Kidney stones can be extremely painful, and there is a rather large risk that they reoccur at a later time. What you eat means a lot and your diet is therefore an important key to prevention. It is important to get plenty of magnesium and vitamin B6, whereas you should try to avoid oxalate-rich food sources like spinach, nuts, root vegetables, food with high soy content, rhubarb, berries, and dark chocolate. All of these items contain a lot of oxalate that may contribute to the formation of kidney stones. If you take magnesium in supplement form, make sure to choose a source that the body can absorb properly. Also, drink plenty of water, according to an article in the Norwegian health magazine Vitenskap og Fornuft.
Older people with a high intake of vitamin C appear to have healthier skeletal muscle than those with lower intakes, according to a new study from the University of East Anglia in England. This is an important discovery because our natural loss of muscle mass begins in our forties and starts to accelerate after we pass the age of 65 years. The phenomenon is known as sarcopenia and is one of the main reasons why older people become increasingly fragile and susceptible to disease. The authors behind the study believe that it is particularly important for middle-aged and older people to get plenty of vitamin C from their diets or by taking supplements. As a bonus effect, vitamin C also protects against infections and cardiovascular diseases, which also typically affect seniors.
- a typical problem that is seen with ageing, overweight, diabetes and other chronic diseases
Chronic low-grade inflammation has a negative effect on our health. It pummels the body with free radical damage to healthy cells and tissue. Chronic low-grade inflammation is linked to ageing, overweight, type 2 diabetes, cardiovascular disease, and other health problems. In the case of infections, there is also a risk that the immune defense overreacts with hyperinflammation, which can turn out to be very problematic. Now, science has discovered that our gut flora also affects the immune system. Some gut bacteria have a pro-inflammatory effect, while others help fight inflammation. Fish oil’s anti-inflammatory effect involves other mechanisms. Supplements of beneficial gut bacteria, better known as probiotics, and fish oil supplements help increase gut flora diversity. This is good for fighting inflammation, according to a new study published in Nutrients. Another thing to make sure of is to get enough vitamin D.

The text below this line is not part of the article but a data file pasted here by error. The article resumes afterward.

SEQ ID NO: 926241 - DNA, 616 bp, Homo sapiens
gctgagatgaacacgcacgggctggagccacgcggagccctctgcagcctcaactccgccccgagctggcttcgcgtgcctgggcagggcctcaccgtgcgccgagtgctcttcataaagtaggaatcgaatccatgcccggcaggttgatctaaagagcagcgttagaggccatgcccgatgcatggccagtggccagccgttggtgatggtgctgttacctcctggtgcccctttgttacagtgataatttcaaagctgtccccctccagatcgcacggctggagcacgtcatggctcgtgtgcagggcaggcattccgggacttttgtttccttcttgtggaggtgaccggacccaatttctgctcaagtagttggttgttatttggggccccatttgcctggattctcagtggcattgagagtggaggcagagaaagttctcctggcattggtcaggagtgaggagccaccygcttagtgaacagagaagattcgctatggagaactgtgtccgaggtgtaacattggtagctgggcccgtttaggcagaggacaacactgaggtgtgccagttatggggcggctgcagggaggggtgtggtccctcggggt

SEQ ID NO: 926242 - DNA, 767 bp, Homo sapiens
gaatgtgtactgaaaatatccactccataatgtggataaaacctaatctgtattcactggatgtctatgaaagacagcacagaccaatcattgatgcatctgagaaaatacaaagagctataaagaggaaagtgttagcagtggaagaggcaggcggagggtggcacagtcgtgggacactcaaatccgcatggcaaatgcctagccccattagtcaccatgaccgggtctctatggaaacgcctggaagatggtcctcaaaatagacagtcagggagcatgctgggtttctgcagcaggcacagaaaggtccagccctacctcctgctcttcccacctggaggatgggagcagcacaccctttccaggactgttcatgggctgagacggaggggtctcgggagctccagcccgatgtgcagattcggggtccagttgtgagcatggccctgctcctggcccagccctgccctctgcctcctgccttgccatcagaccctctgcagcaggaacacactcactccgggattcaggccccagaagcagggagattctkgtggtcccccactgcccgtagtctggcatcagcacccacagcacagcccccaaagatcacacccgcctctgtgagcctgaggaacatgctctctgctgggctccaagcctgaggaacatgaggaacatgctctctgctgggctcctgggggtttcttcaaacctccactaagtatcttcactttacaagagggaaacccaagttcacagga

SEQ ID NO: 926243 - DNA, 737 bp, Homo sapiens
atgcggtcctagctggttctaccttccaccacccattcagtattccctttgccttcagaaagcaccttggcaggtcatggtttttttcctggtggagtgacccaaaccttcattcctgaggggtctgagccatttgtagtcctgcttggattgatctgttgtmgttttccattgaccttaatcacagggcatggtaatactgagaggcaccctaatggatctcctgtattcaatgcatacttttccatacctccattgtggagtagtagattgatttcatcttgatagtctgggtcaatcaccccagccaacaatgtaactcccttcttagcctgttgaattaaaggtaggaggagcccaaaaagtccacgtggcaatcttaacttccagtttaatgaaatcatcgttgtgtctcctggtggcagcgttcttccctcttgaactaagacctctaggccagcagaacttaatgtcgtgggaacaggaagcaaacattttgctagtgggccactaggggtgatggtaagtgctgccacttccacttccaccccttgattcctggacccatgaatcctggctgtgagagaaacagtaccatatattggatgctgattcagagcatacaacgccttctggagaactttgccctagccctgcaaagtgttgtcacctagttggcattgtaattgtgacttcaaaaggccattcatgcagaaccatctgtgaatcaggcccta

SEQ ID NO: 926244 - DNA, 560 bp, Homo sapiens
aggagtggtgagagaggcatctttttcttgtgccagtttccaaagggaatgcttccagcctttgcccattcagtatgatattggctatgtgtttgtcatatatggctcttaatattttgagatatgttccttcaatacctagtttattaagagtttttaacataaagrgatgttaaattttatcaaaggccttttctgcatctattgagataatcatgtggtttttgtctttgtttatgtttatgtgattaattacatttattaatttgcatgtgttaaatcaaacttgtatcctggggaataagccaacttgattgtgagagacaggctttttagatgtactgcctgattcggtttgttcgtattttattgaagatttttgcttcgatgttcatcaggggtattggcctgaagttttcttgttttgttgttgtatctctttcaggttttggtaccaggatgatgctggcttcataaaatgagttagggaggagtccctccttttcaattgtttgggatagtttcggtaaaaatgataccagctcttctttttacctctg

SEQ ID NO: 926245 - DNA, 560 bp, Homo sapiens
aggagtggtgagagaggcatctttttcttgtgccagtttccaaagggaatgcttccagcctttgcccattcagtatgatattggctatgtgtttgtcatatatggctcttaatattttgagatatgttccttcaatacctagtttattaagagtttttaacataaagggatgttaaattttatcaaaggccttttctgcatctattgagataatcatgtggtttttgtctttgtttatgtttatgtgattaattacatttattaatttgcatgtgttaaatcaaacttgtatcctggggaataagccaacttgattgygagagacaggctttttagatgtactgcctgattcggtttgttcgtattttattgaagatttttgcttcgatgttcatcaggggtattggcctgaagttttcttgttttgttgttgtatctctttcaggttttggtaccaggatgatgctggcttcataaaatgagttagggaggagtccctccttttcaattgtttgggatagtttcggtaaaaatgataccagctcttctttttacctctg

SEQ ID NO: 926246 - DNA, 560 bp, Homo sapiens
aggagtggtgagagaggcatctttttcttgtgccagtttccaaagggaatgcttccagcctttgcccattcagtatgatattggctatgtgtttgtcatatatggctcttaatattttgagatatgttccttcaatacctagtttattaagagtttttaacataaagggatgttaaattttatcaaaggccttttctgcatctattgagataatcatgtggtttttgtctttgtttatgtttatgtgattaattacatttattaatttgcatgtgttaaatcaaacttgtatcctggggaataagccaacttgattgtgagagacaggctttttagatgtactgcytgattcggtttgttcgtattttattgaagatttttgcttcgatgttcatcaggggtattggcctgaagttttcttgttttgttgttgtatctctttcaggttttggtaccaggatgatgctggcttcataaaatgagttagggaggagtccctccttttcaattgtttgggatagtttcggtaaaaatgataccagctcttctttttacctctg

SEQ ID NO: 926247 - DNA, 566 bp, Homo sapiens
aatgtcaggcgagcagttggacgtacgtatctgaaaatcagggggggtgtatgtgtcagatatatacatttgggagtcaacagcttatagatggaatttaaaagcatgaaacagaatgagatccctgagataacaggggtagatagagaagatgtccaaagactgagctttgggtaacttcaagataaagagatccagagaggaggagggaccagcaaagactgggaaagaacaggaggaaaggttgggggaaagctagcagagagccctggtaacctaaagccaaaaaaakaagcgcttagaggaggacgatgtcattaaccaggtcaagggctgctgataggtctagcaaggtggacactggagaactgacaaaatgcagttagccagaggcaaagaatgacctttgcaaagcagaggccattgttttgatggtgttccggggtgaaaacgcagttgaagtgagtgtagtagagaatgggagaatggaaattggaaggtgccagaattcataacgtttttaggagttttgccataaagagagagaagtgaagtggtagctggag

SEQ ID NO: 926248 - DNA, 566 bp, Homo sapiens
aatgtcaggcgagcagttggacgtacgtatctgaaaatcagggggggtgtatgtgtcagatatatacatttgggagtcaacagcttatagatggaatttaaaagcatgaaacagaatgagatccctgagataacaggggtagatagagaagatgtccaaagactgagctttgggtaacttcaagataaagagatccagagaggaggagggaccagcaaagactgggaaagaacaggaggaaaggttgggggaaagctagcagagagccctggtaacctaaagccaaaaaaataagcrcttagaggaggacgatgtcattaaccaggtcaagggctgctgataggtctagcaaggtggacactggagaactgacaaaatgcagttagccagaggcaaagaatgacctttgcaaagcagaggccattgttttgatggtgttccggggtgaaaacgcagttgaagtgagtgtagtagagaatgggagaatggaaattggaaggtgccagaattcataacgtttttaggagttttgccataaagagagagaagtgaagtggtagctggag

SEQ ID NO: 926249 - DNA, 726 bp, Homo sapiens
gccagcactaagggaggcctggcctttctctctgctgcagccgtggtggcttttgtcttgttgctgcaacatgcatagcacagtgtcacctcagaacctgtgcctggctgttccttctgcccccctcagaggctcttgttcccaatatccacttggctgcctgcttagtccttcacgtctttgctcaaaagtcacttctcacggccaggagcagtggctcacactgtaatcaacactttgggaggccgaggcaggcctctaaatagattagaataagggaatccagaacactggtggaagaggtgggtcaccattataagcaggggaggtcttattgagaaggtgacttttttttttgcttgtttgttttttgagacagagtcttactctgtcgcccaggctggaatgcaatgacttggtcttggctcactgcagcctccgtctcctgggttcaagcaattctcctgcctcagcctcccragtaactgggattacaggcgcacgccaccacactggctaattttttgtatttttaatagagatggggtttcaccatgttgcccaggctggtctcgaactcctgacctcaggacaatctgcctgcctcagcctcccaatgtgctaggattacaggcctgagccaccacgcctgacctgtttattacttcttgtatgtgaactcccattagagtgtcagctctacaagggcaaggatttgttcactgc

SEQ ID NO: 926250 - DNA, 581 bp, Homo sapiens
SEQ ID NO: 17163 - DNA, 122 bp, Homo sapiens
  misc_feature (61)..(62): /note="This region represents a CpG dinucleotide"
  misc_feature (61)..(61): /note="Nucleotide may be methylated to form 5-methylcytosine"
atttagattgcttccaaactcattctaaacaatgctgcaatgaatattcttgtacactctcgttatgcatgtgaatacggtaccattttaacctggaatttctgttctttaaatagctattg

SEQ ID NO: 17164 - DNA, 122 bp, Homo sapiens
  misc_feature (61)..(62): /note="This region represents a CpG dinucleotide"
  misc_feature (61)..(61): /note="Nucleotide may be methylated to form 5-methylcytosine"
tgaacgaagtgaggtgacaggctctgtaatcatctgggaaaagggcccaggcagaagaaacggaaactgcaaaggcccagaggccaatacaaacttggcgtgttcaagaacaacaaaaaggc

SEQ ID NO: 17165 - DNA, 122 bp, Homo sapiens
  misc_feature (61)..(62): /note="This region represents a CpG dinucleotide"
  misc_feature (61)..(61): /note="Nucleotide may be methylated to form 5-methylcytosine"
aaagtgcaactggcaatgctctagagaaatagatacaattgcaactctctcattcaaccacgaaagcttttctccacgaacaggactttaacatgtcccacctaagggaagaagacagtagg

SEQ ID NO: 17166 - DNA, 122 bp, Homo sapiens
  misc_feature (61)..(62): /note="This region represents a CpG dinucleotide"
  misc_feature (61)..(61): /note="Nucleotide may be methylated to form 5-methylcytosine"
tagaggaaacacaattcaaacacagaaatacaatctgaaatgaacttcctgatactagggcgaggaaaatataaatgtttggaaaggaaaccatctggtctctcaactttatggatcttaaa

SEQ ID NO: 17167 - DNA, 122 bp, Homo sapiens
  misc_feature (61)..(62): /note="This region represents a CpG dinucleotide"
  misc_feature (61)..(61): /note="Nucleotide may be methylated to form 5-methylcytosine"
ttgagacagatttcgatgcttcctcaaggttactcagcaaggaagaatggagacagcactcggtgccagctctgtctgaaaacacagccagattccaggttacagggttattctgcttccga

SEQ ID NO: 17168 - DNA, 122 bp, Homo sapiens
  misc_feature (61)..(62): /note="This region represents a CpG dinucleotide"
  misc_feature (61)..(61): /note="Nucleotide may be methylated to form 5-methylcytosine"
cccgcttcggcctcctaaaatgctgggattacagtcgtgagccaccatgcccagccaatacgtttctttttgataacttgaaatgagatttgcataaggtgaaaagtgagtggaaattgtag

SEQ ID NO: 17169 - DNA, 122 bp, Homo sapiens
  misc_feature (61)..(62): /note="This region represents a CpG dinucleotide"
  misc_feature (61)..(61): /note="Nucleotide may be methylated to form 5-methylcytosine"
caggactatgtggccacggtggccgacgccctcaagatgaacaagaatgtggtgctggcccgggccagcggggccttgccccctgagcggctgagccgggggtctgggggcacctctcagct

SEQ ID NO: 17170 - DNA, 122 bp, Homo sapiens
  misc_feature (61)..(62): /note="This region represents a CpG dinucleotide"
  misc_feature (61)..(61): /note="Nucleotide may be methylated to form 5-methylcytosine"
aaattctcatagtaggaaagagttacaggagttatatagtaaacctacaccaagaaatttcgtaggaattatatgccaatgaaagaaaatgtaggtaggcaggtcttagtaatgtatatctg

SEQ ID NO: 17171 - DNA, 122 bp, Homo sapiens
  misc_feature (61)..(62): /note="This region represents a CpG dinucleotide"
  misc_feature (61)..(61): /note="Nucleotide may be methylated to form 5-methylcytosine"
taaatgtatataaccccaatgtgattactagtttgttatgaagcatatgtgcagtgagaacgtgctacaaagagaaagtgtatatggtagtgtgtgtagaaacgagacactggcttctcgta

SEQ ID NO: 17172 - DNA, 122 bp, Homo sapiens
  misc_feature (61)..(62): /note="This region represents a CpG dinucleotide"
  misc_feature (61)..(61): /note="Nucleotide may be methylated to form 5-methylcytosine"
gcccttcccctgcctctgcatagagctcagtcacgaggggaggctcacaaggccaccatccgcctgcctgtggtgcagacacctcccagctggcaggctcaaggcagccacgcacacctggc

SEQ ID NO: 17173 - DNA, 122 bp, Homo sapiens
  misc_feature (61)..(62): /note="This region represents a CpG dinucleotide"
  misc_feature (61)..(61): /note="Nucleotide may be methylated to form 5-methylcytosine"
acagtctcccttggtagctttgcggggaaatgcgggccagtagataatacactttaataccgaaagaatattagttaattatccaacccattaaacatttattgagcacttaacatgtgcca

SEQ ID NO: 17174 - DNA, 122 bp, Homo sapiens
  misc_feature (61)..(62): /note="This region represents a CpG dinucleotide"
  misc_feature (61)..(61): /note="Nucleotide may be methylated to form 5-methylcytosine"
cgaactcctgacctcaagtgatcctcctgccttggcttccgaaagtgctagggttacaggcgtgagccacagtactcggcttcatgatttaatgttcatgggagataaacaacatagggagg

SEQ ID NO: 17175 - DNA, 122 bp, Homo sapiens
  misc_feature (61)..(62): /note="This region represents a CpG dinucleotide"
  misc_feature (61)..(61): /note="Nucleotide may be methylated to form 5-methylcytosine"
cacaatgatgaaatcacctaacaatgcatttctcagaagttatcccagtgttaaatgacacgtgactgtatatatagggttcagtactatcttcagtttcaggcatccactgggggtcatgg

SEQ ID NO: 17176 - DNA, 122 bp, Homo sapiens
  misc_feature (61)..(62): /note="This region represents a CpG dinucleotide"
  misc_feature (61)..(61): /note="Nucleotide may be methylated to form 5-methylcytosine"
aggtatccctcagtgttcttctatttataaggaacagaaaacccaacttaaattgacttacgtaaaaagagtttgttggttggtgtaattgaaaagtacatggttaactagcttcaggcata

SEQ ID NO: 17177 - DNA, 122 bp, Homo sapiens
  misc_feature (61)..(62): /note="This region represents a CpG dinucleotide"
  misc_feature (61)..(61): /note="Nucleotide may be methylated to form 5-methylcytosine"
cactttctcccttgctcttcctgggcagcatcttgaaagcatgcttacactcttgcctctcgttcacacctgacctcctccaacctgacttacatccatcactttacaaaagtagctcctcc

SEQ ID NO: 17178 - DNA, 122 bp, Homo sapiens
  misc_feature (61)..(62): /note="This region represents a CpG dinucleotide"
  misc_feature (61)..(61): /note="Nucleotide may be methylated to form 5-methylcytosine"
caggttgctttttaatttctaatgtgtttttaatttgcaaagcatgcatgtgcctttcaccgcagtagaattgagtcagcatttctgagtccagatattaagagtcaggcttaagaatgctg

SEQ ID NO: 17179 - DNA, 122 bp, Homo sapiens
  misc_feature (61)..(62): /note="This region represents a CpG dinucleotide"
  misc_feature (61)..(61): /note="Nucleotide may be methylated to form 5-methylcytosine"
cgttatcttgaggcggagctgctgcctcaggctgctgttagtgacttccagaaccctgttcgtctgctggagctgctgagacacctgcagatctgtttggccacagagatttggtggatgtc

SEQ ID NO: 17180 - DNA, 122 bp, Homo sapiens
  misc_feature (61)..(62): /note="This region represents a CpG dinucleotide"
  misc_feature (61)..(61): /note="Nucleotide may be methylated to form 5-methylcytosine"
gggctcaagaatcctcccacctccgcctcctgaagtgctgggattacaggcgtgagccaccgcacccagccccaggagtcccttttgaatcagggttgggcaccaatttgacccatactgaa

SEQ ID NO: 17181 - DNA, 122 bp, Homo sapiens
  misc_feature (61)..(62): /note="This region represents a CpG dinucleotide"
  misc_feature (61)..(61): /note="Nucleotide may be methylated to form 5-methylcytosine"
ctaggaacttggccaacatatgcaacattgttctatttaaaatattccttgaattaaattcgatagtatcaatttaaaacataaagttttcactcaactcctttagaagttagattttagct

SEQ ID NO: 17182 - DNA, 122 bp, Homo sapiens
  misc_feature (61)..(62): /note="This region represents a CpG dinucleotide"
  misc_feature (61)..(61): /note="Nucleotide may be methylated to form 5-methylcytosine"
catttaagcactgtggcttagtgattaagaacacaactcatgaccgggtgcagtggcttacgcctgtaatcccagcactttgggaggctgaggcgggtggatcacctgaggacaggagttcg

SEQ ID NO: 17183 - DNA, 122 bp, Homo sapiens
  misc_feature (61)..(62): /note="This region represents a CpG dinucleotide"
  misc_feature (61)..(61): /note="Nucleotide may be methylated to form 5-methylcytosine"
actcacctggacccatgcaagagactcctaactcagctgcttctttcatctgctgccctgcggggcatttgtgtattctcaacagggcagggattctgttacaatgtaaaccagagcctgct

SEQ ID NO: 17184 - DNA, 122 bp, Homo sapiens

A large Israeli population study of over 4.6 million people shows that lack of sunshine and vitamin D increases the risk of COVID-19 infections and new infection waves in the winter period. The study shows why seniors, those with chronic disease, overweight individuals, and certain ethnic groups such as orthodox male Jews and female Muslims are more vulnerable. The scientists recommend vitamin D supplementation throughout the winter period or even all year round for those who do not get enough sun exposure during the summer. You can also read about why face masks block the body’s vitamin D synthesis, why COVID-19 originates from bats, and other mysteries related to the spread of the infection.
Vitamin C is important for bone density. A deficiency of the nutrient actually increases the risk of osteoporosis. Patients suffering from Crohn’s disease, ulcerative colitis, and other inflammatory bowel diseases often lack vitamin C and that adds even more to their risk. It is also a problem when normal, healthy people eat a vitamin C-deficient diet, and it becomes even more critical when people with chronic bowel diseases eat a diet with too little vitamin C. Vitamin C has a number of other functions in the body that are of importance to the immune system and the gut flora. Also, our genes for utilizing vitamin C play a role, according to a new study from Poznan University and Human Genetics Polish Academy of Sciences in Poland.
The number of seniors in the world is growing steadily which means a surge in problems like cardiovascular disease, cancer, respiratory illnesses, overweight, diabetes, rheumatism, dementia, and Alzheimer’s disease. These diseases that have a widespread impact on human lives and are a burden to society are often linked to chronic inflammation. A group of scientists therefore decided to look closer at studies that have found a positive effect of the omega-3 fatty acids EPA and DHA on cognitive functioning, maintenance of muscle mass, and prevention and treatment of a host of serious diseases that are related to ageing. It is vital to start supplementing early and to take the right doses, according to the new review article published in Nutrients.